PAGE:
We say all the time in the health industry that we must work together. No one medical professional, no one hospital, no one organization can bring real change alone. The problems we face, we say, are too huge for any one section of our industry to tackle.
But when it comes down to our day to day practice as professionals, living our desires for collaboration are much harder. We get busy in our own bubbles. We don’t have spaces in our yearly rhythms of conferences and continuing education to talk to one another across disciplines. We stay in the comfort zone of what we know. And the outcome is that we keep doing the same. You in your corner. Me in mine. But we all can do so much better!
For this reason and many more, I was so glad to be invited earlier this month to be a part of d16, Diatribe Foundation’s Executive Innovation Lab on Diabetes and Obesity in San Francisco, CA.
It was an opportunity to sit with a deep concern of the American Diabetes Association—that by 2040, 1 in 10 adults world wide will have diabetes.
It was a gathering that focused particular interest on Type 2 diabetes and the role that obesity plays in the worldwide epidemic and even more specifically in our American context.
It was a gathering that sought to bring together persons of interest from across the health care and business sectors with great interest in quality of life for those persons living with diabetes.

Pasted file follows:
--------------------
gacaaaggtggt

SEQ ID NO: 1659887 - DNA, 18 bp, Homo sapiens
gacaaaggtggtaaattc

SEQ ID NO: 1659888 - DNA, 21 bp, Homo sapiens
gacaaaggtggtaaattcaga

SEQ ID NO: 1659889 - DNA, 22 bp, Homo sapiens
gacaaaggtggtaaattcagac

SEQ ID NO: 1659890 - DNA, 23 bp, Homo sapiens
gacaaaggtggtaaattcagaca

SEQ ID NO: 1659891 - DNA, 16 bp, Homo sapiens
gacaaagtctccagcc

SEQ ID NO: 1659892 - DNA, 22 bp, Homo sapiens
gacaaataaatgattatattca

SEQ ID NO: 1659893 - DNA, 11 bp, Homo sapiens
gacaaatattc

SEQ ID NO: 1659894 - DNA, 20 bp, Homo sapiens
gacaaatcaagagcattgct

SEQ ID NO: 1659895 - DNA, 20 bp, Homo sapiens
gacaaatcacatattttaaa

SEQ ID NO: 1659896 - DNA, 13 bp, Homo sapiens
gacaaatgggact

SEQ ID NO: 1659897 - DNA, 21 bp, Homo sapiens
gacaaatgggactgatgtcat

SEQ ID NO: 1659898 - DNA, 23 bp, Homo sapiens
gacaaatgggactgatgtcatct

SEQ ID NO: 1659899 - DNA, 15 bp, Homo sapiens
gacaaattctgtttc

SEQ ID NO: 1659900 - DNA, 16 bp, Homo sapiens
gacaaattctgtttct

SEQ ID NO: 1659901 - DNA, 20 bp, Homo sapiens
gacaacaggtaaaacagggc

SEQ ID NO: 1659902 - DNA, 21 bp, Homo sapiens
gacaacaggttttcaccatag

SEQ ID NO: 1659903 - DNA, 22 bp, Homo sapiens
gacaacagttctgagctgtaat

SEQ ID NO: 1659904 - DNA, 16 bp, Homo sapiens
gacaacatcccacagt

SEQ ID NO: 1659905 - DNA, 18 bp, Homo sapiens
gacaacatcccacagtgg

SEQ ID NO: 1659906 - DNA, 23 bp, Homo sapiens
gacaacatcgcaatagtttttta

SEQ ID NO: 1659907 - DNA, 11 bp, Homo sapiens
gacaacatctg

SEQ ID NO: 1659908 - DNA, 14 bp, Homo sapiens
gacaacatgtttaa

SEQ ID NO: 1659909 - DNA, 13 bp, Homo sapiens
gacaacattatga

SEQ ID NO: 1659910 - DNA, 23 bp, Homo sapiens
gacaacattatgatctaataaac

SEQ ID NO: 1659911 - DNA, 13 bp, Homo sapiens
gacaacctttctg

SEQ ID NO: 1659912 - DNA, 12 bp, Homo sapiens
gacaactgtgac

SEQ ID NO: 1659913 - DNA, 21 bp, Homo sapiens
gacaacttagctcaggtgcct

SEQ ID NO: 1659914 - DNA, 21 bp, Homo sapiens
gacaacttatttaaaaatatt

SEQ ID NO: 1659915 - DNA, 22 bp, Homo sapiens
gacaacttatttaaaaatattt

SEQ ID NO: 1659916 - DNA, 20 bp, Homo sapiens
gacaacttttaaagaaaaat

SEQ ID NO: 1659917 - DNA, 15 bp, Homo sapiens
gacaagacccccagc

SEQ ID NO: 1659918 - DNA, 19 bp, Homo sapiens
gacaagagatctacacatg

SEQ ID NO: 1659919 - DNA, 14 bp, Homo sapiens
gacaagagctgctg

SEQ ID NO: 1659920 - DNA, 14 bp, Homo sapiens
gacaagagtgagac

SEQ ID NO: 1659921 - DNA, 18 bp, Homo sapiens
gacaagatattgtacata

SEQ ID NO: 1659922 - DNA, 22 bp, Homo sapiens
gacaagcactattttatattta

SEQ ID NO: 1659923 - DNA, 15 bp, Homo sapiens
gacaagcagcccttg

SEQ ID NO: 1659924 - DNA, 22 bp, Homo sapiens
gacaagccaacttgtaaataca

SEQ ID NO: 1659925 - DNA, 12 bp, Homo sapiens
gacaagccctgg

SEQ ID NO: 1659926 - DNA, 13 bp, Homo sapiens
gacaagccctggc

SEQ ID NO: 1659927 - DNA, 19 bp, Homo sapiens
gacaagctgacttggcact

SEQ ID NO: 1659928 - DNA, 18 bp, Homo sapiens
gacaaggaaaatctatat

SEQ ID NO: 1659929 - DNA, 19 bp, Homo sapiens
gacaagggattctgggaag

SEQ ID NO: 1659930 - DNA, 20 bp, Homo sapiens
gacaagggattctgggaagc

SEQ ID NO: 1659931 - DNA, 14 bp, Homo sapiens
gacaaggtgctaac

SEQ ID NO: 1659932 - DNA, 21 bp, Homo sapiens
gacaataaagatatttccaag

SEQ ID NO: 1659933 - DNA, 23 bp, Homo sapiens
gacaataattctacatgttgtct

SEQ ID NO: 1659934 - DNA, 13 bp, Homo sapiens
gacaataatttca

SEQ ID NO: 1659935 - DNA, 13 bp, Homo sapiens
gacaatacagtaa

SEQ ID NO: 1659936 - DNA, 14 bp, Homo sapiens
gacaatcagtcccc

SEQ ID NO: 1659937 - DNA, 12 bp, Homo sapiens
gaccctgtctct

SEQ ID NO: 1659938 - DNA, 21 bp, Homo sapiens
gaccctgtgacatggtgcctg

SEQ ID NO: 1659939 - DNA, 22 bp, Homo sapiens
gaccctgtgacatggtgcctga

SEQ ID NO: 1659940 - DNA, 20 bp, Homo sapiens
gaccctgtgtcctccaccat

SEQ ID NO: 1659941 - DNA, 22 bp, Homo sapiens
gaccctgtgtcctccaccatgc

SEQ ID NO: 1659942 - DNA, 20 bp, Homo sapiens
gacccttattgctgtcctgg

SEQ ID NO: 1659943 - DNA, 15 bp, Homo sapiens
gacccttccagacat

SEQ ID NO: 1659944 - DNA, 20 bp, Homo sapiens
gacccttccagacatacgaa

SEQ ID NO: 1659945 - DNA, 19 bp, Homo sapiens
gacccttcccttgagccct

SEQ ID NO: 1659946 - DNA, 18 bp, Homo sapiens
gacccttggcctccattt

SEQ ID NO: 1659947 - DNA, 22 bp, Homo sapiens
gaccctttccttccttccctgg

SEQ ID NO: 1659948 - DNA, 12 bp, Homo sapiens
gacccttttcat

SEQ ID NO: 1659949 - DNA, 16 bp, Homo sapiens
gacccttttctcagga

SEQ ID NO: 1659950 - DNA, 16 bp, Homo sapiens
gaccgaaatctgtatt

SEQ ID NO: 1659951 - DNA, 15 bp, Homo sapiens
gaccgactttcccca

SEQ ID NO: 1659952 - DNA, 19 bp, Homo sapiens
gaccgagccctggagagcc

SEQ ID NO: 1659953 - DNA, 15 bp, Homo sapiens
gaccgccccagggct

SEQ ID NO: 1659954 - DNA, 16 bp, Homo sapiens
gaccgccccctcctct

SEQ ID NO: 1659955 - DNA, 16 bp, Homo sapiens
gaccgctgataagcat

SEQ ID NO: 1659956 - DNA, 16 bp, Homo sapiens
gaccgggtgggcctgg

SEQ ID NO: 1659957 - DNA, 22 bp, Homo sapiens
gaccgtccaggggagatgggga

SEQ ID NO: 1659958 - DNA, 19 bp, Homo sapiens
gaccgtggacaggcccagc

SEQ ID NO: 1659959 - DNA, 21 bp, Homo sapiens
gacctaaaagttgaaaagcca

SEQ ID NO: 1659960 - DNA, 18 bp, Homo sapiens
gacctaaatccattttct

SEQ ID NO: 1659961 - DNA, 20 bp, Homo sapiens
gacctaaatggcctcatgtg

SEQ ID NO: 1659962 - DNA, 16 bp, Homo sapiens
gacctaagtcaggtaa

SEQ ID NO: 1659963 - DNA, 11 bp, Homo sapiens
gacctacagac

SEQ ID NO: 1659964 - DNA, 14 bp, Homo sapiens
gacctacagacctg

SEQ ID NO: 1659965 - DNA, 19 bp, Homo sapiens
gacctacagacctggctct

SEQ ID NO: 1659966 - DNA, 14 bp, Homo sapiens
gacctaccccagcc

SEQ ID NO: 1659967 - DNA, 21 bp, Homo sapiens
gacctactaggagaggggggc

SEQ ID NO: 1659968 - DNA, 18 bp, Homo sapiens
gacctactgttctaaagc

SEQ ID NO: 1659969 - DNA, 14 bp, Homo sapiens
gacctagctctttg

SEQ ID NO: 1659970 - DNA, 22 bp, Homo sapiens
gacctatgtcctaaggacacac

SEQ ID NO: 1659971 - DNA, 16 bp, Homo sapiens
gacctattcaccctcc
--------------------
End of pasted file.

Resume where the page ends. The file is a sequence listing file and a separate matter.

It was a gathering that gave us permission and space to think outside the confines of “what has always been” with a big push toward real solutions.
It was a gathering that happened thanks to the generous support of the Diatribe Foundation and the visionary leadership of its founder, Kelly Close.
Our objectives were clear: “Through productive, interactive workshops and discussion, participants explore how design thinking can help us tackle diabetes from a systems approach and increase engagement at the intersection of healthcare and technology.”
An important tool for our work emerged from design thinking or more specifically the Stanford D school approach which believes the best ideas are found at the intersection of technology, business and human values. The goal is to find an unexpected range of possible outcomes to take in to apply to real life situations with real people, then to reflect upon learnings. The foundational belief of such a process is that those “big solutions” we are all seeking are in fact, are much closer to our reach than we might suspect at first.
So, together with my colleagues from public relations, pharmaceutical companies, health insurers, technology companies university academia, medicine, marketing and even theater and other creative arts, for three days we worked together to identify and ideate on how best to tackle the issue of Type 2 diabetes and obesity by drawing on one another’s wisdom and challenging one another’s preconceived notions.
I returned home from this gathering re-energized for the work ahead at the American Diabetes Association, both because of the new collegial bonds formed with my fellow participants but also for how this workshop challenged me to think in new ways about what persons living with or at risk for developing diabetes might need.
I’m also excited that at this gathering we committed that this was not a “one and done” event, we’re being assigned to work groups to continue the conversation. With so much more sharing to come!
Thanks to all the participants at d16 that challenged me to think in new ways and a special thanks to Kelly Close and the Diatribe Foundation. Keep up the good work – and I’m honored to be working alongside you all!